In New Zealand, the Racing Integrity Unit found twenty-three greyhound drug positives from 2014 to 2016. According to New Zealand’s Judicial Control Authority, some of these positives were morphine. Additionally, two greyhound trainers tested positive for cannabis.
In the United Kingdom, the Greyhound Board of Great Britain has published hundreds of greyhound positives since 2009, forty-five alone in 2016. These include stanozolol, barbiturates, and morphine. Stanozolol is a synthetic anabolic steroid and has been banned for its performance-enhancing influence. Barbiturates are central nervous system depressants and are serious performance-affecting drugs. Morphine has been used as a masking agent in greyhounds to make dogs less aware of any injuries they may have. In Scotland, a December 2016 newspaper investigation found that race fixing with drugs occurred with regularity at non-registered “flapping” tracks. A trainer admitted to giving his dog valoids to slow him down, waiting a few races until the betting odds became favorable, then taking him off the drugs to result in a faster race pace.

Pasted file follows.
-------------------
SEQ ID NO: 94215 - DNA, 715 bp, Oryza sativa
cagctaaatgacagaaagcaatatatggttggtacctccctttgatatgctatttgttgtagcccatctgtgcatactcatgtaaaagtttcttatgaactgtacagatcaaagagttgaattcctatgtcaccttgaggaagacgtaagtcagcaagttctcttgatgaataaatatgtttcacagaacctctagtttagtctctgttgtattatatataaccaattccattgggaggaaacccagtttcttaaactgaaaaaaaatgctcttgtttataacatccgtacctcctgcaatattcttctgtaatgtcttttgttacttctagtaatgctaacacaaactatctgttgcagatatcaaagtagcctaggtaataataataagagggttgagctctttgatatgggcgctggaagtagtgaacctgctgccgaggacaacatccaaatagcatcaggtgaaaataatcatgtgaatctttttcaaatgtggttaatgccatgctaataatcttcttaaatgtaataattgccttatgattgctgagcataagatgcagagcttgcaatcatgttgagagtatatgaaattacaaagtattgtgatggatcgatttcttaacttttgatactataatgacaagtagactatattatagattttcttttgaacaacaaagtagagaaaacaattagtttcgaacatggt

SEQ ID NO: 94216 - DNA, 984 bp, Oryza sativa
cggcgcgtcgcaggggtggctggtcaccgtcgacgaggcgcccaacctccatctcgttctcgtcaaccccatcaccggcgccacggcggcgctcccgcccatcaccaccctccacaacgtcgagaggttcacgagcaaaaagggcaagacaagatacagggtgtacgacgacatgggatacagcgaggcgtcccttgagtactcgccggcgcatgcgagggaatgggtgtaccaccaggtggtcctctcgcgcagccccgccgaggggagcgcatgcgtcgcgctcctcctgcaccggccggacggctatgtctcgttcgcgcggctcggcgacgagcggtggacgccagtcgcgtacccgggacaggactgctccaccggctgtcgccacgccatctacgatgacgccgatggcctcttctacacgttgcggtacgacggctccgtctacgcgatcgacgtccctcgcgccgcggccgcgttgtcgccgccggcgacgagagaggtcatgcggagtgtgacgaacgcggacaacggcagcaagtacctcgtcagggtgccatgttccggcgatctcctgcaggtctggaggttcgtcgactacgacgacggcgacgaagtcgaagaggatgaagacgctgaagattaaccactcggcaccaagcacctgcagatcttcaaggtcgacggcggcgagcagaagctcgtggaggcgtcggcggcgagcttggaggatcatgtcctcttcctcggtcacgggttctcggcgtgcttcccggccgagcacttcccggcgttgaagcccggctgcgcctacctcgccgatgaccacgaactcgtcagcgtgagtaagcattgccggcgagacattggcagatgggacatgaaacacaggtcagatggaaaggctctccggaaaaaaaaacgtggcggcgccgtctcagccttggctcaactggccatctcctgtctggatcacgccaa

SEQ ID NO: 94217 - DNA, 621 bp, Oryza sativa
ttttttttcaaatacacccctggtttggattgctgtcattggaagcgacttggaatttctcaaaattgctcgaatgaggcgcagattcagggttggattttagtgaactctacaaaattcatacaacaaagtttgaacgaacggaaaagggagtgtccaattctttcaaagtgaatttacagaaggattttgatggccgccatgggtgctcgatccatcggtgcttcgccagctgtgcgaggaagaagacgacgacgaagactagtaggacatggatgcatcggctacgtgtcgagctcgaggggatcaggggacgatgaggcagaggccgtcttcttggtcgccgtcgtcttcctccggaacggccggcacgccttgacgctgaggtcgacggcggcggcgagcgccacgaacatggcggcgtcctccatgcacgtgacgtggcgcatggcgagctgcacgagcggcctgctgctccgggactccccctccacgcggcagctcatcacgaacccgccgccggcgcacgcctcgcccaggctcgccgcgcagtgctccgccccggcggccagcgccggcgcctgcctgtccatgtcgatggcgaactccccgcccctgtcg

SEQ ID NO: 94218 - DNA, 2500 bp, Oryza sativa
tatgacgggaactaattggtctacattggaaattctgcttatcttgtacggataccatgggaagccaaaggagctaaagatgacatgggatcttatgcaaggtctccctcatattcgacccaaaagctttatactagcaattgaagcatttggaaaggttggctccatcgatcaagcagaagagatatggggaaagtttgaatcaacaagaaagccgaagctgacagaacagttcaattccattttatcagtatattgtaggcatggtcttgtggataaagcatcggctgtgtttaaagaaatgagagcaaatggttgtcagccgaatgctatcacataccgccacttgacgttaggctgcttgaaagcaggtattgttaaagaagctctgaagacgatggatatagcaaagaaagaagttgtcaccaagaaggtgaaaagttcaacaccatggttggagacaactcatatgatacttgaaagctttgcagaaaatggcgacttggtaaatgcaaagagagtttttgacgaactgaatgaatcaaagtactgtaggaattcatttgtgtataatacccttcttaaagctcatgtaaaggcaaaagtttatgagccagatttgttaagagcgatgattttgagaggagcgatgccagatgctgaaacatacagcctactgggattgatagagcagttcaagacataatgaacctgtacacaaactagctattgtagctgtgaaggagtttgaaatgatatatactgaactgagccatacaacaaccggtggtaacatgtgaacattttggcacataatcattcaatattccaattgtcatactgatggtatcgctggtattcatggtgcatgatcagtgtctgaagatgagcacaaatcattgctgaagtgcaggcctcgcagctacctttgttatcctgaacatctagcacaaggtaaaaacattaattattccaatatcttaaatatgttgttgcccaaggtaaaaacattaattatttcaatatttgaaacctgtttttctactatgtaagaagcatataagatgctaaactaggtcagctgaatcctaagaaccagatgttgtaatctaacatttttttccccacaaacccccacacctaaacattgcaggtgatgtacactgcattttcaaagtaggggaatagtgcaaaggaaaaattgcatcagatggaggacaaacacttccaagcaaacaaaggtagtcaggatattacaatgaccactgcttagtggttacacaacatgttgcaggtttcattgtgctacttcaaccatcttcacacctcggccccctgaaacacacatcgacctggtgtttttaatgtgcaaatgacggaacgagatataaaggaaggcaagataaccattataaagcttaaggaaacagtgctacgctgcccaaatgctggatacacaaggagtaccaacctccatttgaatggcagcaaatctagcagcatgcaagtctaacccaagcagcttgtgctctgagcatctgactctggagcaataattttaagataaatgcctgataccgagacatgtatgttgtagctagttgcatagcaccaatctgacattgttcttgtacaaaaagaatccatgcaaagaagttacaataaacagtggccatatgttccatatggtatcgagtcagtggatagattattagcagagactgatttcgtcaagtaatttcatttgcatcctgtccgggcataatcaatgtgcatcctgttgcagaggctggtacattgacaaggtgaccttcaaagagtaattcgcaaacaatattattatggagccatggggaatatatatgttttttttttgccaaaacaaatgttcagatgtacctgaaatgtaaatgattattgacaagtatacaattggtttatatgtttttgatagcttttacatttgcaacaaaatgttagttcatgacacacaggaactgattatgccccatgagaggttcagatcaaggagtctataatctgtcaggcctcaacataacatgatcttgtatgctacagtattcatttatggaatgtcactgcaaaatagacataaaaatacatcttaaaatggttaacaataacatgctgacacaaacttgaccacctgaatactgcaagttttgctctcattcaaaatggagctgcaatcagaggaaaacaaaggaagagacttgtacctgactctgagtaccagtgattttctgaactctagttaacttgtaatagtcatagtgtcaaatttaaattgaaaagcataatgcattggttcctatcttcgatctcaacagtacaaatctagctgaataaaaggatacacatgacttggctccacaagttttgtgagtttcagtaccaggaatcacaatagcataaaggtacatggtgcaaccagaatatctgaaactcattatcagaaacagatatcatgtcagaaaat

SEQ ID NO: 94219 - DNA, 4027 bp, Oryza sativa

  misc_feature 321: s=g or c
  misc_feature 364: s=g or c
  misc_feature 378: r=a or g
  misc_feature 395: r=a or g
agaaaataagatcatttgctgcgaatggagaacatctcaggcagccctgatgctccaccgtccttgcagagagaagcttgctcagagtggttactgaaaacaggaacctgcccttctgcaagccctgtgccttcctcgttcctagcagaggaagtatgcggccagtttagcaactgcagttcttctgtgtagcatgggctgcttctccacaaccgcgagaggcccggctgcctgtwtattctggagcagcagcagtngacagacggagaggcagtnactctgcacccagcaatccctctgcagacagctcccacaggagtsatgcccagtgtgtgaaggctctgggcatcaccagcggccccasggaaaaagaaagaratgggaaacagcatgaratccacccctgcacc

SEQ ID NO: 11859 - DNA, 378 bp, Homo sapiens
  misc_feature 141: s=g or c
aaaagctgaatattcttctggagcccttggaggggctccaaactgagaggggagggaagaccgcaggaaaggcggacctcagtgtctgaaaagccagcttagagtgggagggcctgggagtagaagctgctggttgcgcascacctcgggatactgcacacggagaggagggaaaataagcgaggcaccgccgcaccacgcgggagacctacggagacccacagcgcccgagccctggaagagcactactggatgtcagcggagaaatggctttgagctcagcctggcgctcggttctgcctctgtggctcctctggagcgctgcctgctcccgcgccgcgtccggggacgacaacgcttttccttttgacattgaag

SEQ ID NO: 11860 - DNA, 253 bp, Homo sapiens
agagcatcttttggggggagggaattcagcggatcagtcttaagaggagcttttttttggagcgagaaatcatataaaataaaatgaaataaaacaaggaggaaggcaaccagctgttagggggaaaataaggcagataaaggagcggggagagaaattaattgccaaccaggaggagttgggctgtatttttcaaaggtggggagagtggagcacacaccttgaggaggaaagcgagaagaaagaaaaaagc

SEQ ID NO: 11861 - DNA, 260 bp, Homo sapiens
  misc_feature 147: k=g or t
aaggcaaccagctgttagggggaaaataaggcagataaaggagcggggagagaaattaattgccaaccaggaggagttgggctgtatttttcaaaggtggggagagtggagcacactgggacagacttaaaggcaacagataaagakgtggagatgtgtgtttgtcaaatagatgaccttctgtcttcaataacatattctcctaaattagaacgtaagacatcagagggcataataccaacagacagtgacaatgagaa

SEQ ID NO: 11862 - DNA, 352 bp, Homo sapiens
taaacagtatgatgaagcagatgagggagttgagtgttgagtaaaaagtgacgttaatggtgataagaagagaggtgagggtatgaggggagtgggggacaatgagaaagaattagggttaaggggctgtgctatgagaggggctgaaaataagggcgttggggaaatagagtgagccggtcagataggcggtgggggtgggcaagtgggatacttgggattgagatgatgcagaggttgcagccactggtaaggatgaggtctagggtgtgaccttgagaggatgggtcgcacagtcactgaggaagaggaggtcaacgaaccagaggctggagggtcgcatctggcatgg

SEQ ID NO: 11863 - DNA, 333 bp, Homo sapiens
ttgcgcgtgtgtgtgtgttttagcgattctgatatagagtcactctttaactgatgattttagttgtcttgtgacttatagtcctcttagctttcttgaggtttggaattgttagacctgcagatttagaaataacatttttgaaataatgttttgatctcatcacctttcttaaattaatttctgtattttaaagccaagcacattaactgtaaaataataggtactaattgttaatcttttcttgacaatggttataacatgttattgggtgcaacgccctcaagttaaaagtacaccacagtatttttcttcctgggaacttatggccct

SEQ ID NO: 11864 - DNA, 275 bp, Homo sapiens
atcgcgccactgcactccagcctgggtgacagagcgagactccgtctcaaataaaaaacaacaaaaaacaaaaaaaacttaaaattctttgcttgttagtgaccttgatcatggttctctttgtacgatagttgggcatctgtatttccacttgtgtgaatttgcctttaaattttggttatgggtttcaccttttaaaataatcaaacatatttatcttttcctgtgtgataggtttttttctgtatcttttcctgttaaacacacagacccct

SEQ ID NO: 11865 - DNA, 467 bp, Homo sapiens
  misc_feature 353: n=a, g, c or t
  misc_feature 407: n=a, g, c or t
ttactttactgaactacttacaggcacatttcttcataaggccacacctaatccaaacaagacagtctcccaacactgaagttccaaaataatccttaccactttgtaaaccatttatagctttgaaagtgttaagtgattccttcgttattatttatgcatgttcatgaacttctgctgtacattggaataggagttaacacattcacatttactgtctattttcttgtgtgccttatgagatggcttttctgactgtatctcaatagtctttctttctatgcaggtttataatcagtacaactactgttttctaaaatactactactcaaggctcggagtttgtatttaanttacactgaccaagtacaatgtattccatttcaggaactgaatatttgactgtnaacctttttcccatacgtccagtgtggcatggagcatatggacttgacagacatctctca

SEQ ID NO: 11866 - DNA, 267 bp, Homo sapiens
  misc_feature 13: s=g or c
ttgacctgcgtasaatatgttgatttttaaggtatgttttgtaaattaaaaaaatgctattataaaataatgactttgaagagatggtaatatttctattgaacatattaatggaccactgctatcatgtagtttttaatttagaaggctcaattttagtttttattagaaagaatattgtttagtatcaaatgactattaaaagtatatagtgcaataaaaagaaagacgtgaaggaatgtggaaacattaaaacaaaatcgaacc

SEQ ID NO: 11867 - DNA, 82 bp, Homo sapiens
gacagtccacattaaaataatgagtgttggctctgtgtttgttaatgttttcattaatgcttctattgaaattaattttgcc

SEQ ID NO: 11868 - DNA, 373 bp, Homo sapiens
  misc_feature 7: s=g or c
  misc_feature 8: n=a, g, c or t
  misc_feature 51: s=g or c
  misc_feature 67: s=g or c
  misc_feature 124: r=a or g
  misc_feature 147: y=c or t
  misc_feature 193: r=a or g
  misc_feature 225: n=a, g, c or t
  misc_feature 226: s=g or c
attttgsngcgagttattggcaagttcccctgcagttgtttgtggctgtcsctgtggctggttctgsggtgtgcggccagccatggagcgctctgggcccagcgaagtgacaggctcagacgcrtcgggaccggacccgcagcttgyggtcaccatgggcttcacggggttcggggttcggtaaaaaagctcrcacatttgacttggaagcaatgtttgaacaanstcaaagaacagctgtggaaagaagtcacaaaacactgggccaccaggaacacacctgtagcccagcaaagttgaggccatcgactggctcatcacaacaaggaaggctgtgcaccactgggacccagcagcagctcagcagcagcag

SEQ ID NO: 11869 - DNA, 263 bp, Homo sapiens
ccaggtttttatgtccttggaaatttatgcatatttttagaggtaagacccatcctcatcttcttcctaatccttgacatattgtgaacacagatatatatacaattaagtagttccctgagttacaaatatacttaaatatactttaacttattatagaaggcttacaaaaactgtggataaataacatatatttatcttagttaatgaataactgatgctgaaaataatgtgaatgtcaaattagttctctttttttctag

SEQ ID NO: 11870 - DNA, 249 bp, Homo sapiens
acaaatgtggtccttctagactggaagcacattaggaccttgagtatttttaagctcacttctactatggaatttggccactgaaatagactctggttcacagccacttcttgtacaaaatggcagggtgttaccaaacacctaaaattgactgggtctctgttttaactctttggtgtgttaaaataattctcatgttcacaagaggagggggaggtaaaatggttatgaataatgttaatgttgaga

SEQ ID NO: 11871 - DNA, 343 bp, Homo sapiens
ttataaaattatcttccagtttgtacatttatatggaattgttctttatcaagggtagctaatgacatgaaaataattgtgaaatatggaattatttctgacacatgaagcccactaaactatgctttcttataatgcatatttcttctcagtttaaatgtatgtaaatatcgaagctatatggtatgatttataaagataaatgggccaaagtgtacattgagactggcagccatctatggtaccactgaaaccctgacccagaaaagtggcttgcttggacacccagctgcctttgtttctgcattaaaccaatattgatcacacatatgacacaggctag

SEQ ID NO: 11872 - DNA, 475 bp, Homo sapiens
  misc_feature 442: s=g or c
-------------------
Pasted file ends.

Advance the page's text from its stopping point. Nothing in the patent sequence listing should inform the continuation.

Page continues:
In the United States, each racing jurisdiction reports drug rulings to a regulatory racing commission. These rulings are public records, but are not generally collected. Since 2008, GREY2K USA has documented over 400 violations in six racing states and several former racing states, including drug positive tests for cocaine, ractopamine, anabolic steroid metandienone, and industrial solvent dimethyl sulfoxide.
The drugging of greyhounds has been an open secret in the dog racing world for years. Dogs in this industry are testing positive for drugs at racetracks across the United States.
Read our report “No Confidence: Drugs in the American Greyhound Racing Industry” to learn more.